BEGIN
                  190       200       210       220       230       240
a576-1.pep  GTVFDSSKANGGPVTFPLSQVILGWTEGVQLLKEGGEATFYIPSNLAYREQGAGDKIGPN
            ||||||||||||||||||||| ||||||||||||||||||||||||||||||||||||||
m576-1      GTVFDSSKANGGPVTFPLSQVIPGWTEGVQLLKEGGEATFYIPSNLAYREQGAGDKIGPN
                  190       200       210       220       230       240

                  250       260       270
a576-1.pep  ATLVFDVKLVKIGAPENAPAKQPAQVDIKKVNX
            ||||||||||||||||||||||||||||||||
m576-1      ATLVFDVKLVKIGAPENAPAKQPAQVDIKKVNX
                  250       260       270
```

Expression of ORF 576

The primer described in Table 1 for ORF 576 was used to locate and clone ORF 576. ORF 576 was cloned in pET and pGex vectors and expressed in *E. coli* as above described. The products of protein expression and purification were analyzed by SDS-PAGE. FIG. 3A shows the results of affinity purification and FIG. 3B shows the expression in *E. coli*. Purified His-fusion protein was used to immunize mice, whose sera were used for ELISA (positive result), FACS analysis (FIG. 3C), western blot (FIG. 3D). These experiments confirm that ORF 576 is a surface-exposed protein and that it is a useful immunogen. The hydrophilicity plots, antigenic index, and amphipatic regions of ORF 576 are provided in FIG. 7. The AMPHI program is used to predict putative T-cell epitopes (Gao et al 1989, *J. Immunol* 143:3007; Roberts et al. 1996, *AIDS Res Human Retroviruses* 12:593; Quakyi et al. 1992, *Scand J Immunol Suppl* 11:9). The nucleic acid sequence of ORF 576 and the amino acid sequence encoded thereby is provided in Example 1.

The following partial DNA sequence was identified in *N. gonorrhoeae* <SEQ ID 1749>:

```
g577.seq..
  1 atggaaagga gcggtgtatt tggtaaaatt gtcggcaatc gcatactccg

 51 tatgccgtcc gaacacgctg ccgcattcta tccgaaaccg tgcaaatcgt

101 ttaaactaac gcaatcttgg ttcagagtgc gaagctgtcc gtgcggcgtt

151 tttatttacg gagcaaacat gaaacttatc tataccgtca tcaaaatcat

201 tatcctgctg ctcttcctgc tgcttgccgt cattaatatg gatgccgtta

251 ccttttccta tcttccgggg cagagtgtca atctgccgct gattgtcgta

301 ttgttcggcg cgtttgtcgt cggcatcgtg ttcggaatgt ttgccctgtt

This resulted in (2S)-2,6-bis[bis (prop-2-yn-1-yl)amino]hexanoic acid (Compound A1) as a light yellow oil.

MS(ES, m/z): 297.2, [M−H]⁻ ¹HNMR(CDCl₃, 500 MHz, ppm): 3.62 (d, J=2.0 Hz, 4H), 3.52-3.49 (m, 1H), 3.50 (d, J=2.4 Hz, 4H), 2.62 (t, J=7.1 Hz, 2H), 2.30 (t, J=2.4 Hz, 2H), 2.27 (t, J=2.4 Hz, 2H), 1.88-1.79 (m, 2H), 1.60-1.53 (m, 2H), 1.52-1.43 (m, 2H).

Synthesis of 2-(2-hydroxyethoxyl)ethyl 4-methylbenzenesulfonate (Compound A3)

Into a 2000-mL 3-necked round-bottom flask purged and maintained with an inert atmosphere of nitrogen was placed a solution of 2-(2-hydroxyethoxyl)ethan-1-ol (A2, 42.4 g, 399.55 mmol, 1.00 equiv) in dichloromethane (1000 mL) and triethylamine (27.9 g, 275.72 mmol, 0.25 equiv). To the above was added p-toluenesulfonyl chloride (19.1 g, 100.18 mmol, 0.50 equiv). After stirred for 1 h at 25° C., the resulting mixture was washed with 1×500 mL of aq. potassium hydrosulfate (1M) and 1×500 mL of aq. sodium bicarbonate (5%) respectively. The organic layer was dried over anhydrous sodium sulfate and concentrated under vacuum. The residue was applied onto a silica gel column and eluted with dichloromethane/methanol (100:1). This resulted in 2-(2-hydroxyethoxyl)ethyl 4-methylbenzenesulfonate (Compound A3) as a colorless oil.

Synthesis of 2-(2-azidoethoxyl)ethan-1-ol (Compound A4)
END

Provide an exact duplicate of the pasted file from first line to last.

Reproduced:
                  190       200       210       220       230       240
a576-1.pep  GTVFDSSKANGGPVTFPLSQVILGWTEGVQLLKEGGEATFYIPSNLAYREQGAGDKIGPN
            ||||||||||||||||||||| ||||||||||||||||||||||||||||||||||||||
m576-1      GTVFDSSKANGGPVTFPLSQVIPGWTEGVQLLKEGGEATFYIPSNLAYREQGAGDKIGPN
                  190       200       210       220       230       240

                  250       260       270
a576-1.pep  ATLVFDVKLVKIGAPENAPAKQPAQVDIKKVNX
            ||||||||||||||||||||||||||||||||
m576-1      ATLVFDVKLVKIGAPENAPAKQPAQVDIKKVNX
                  250       260       270
```

Expression of ORF 576

The primer described in Table 1 for ORF 576 was used to locate and clone ORF 576. ORF 576 was cloned in pET and pGex vectors and expressed in *E. coli* as above described. The products of protein expression and purification were analyzed by SDS-PAGE. FIG. 3A shows the results of affinity purification and FIG. 3B shows the expression in *E. coli*. Purified His-fusion protein was used to immunize mice, whose sera were used for ELISA (positive result), FACS analysis (FIG. 3C), western blot (FIG. 3D). These experiments confirm that ORF 576 is a surface-exposed protein and that it is a useful immunogen. The hydrophilicity plots, antigenic index, and amphipatic regions of ORF 576 are provided in FIG. 7. The AMPHI program is used to predict putative T-cell epitopes (Gao et al 1989, *J. Immunol* 143:3007; Roberts et al. 1996, *AIDS Res Human Retroviruses* 12:593; Quakyi et al. 1992, *Scand J Immunol Suppl* 11:9). The nucleic acid sequence of ORF 576 and the amino acid sequence encoded thereby is provided in Example 1.

The following partial DNA sequence was identified in *N. gonorrhoeae* <SEQ ID 1749>:

```
g577.seq..
  1 atggaaagga gcggtgtatt tggtaaaatt gtcggcaatc gcatactccg

 51 tatgccgtcc gaacacgctg ccgcattcta tccgaaaccg tgcaaatcgt

101 ttaaactaac gcaatcttgg ttcagagtgc gaagctgtcc gtgcggcgtt

151 tttatttacg gagcaaacat gaaacttatc tataccgtca tcaaaatcat

201 tatcctgctg ctcttcctgc tgcttgccgt cattaatatg gatgccgtta

251 ccttttccta tcttccgggg cagagtgtca atctgccgct gattgtcgta

301 ttgttcggcg cgtttgtcgt cggcatcgtg ttcggaatgt ttgccctgtt

This resulted in (2S)-2,6-bis[bis (prop-2-yn-1-yl)amino]hexanoic acid (Compound A1) as a light yellow oil.

MS(ES, m/z): 297.2, [M−H]⁻ ¹HNMR(CDCl₃, 500 MHz, ppm): 3.62 (d, J=2.0 Hz, 4H), 3.52-3.49 (m, 1H), 3.50 (d, J=2.4 Hz, 4H), 2.62 (t, J=7.1 Hz, 2H), 2.30 (t, J=2.4 Hz, 2H), 2.27 (t, J=2.4 Hz, 2H), 1.88-1.79 (m, 2H), 1.60-1.53 (m, 2H), 1.52-1.43 (m, 2H).

Synthesis of 2-(2-hydroxyethoxyl)ethyl 4-methylbenzenesulfonate (Compound A3)

Into a 2000-mL 3-necked round-bottom flask purged and maintained with an inert atmosphere of nitrogen was placed a solution of 2-(2-hydroxyethoxyl)ethan-1-ol (A2, 42.4 g, 399.55 mmol, 1.00 equiv) in dichloromethane (1000 mL) and triethylamine (27.9 g, 275.72 mmol, 0.25 equiv). To the above was added p-toluenesulfonyl chloride (19.1 g, 100.18 mmol, 0.50 equiv). After stirred for 1 h at 25° C., the resulting mixture was washed with 1×500 mL of aq. potassium hydrosulfate (1M) and 1×500 mL of aq. sodium bicarbonate (5%) respectively. The organic layer was dried over anhydrous sodium sulfate and concentrated under vacuum. The residue was applied onto a silica gel column and eluted with dichloromethane/methanol (100:1). This resulted in 2-(2-hydroxyethoxyl)ethyl 4-methylbenzenesulfonate (Compound A3) as a colorless oil.

Synthesis of 2-(2-azidoethoxyl)ethan-1-ol (Compound A4)